Poetry Centre

ESL category

  • First place: Memory Talkies, Jonaki Ray

    Memory Talkies

    On the road leading away from Florence,
    a woman is screaming at a man with a Picasso face.
    Shaking his head and half-shutting the door,
    he walks inside the house,
    leaving her alone at the stoop, smoking.
    She is trembling like the skeleton
    of a snail being picked clean by a colony of ants.
    The driveway leads to a gate
    and a child is attempting to swing it open,
    his face a smeared version of a Botticelli angel.
    Old men in Kolkata, reading newspapers, smoking,
    and solving the world’s problems
    are facsimiling in the suburbs of this city,
    while Cypress trees fingers point skywards, apportioning blame.
    Buttery light pouring over miles of yet-to-be-harvested farms
    with stakes at their hearts dusks the days to evenings.
    In Montefioralle, a woman named Margherita offers me
    a gooseberry-colored plum, while her husband tugs
    at her attention like clothespins before a thunderstorm.
    I am back in the city that led a crushed Independence Mutiny,
    failing with my mother in convincing my father
     to let her go for a conference, alone.
    Who will take care of everything,
    he asks, even now,
    a dozen years after her dying.

    Jonaki Ray

  • Second place: Halcyon, Vasiliki Albedo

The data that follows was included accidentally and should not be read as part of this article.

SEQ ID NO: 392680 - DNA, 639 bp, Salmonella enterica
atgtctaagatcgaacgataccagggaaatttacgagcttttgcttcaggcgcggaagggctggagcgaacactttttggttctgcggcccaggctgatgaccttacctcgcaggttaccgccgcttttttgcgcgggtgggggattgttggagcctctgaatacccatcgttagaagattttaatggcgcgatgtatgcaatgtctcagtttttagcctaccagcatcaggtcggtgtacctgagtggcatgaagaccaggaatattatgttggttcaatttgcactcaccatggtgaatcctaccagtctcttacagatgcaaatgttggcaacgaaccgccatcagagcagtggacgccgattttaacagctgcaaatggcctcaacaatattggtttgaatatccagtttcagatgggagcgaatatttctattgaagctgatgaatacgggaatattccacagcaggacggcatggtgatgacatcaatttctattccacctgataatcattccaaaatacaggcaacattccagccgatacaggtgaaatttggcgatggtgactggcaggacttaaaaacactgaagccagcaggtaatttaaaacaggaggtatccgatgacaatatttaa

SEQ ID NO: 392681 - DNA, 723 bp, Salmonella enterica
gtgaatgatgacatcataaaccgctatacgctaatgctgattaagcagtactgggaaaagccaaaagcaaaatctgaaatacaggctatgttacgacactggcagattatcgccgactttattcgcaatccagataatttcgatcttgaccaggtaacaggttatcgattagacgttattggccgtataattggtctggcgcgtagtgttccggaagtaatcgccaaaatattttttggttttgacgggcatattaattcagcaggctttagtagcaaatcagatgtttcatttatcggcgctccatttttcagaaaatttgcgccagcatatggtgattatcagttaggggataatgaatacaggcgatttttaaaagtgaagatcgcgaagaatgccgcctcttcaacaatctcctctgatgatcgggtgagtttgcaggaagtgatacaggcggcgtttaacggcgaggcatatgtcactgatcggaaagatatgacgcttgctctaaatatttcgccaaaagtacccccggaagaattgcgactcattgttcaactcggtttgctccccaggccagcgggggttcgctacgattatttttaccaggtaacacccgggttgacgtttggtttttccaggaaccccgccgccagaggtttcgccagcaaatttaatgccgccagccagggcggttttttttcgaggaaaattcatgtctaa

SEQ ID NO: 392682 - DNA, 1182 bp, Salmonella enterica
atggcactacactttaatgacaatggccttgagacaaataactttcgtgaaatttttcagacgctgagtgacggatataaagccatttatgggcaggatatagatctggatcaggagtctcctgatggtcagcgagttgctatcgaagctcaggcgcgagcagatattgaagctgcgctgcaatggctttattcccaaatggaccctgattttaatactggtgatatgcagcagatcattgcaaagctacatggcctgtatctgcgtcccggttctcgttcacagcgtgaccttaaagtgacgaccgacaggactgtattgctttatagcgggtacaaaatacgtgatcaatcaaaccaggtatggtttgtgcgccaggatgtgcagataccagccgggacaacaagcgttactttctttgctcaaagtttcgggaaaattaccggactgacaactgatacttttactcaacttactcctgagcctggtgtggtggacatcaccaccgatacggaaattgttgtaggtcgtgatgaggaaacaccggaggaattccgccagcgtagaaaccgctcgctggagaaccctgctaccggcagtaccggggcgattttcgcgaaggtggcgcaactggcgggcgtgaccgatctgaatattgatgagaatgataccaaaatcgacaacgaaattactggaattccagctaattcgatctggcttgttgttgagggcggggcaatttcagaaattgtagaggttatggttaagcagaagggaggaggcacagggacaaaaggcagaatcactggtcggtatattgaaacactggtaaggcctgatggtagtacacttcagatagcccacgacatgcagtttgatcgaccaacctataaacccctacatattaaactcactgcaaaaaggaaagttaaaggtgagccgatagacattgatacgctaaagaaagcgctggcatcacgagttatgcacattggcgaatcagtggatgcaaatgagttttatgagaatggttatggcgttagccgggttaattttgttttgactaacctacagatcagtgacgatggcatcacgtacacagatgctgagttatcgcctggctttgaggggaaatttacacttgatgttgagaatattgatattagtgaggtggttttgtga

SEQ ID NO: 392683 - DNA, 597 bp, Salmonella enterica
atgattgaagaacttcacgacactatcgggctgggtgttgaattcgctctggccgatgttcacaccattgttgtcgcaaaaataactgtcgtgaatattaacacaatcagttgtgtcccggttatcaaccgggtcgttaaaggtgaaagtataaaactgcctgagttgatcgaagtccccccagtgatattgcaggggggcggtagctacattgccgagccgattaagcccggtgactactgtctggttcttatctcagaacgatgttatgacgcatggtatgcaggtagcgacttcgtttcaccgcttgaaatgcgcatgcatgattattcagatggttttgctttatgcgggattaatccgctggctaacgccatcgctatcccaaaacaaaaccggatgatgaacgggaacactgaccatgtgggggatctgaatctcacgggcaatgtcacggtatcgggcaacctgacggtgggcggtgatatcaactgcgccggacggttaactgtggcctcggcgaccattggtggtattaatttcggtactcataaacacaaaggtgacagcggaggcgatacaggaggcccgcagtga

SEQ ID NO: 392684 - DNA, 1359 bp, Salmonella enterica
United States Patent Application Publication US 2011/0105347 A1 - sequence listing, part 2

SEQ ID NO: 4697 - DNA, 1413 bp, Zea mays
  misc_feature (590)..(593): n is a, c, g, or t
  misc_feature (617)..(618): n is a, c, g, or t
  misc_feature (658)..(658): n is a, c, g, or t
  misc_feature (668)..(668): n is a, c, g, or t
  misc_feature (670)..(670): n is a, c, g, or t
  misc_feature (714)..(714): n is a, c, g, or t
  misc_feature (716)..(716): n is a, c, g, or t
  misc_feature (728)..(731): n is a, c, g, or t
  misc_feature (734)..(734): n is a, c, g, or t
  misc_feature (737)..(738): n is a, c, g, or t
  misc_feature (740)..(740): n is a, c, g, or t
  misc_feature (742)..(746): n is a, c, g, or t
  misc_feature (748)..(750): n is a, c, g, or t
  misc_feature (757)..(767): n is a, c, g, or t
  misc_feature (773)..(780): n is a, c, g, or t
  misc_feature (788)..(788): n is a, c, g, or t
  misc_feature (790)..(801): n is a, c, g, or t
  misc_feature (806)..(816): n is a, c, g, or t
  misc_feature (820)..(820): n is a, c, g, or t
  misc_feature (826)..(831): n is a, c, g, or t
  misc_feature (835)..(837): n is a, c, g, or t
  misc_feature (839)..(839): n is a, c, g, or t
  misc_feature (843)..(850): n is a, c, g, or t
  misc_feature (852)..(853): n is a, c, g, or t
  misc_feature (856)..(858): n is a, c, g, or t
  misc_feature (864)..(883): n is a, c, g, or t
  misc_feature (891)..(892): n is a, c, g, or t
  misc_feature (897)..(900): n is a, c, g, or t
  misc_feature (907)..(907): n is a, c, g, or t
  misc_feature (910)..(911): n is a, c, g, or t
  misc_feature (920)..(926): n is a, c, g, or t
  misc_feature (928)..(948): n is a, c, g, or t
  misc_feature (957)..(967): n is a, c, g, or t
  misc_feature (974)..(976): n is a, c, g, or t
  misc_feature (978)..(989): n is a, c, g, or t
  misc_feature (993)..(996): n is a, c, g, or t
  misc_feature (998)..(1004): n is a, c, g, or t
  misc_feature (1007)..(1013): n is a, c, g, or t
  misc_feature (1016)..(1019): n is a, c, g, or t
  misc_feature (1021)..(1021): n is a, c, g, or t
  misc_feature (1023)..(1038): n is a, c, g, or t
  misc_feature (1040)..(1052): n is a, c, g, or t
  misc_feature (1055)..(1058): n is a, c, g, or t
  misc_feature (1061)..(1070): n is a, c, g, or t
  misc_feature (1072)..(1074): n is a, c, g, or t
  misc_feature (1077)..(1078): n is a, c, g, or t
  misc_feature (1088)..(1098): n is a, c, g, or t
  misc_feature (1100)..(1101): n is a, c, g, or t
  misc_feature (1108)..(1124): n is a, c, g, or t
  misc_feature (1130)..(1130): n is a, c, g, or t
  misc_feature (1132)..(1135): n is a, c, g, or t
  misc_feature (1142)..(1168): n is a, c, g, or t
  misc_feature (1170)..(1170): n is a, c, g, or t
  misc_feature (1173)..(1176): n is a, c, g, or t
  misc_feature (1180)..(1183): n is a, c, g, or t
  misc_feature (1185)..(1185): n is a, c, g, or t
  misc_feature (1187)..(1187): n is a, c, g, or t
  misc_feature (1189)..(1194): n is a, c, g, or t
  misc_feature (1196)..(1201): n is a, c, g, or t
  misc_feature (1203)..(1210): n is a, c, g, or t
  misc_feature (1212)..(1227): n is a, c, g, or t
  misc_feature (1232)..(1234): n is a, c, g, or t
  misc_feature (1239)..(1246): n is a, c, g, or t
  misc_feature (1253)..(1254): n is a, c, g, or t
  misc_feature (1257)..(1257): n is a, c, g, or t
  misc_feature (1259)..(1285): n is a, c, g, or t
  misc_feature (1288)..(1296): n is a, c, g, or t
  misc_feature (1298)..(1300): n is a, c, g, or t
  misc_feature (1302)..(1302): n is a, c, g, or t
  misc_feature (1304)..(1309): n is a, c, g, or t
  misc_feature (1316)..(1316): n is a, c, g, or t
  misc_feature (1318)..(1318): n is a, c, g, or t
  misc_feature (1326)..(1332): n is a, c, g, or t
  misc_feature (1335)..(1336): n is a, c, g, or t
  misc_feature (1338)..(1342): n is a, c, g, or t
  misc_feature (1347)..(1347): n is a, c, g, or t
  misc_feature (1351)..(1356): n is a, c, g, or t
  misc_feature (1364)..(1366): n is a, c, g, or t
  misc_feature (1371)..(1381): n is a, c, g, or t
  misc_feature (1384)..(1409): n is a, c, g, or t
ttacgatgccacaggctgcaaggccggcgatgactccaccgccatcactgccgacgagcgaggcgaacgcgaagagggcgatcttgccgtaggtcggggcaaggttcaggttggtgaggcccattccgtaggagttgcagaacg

Halcyon

    When I give my father my poem he
    translates it to Greek.
    Each word teethes in his mouth.
    He insists on the unknown: pree-ci-pai-ce,
    I explain: γκρεμός, an abrupt,
    rugged mountain-side.
    In the afternoon shadow I see him again
    as I did as a girl in the top-heavy dark
    of his office: lofty, daunting,
    like a gargoyle poring over his law books.
    He continues, points out as he thinks
    a verb is missing. When he stumbles
    on ‘halcyon’ he stops and Iooks at me.
    Smiling, he recites the myth of Alcyone,
    describes how Aeolus reined in
    his winds for a week every year to make space
    for his kingfisher-daughter to lay her eggs
    by the placid sea. I nod
    but persist on the nuance of the English
    word I intended. Calm, he repeats
    and starts again with the myth.
    When he comes to the silence at the end of the page
    it’s like tuning into the static after a glance
    at a report card or an indifferent Christmas gift.
    I knew almost all the words, he says.

    Later, there’s a tone to his voice I’ve never heard
    when he calls to discuss metaphor.

    Vasiliki Albedo

  • Special Commendation: Notes For A Canary Fancier, Iulia David

    Notes For A Canary Fancier


    When you first bring the canary home,
    let it enter the cage by itself, let it hop
    from the travelling box to its new frame:
    real-life, four-chambered heart pouring
    and nothing.

    Call it home, this shiny home, its teeth
    bare not in hostility, but in eternity;
    none of its four walls are missing –
    let it enter voluntarily, leap closer
    to the soft wood perches, a tray for food,

    another for water. Let it breathe,
    pass by the mirror,
    surface its own loneliness, sink
    into the air of your house
    surrounding its house.

    Look at its feet.
    Find what they know
    more than two strays praying.
    Find how you can't unsee them –
    praying, blessed as they are,

    with moist biscuit and egg.
    Now find the door and close it.
    Now wait. The yellow wait
    is when you bring Africa
    to your living room

    and wait. For the song will come.
    And in one of the chambers
    she will wake up
    and show you
    her whipping scars.

    Iulia David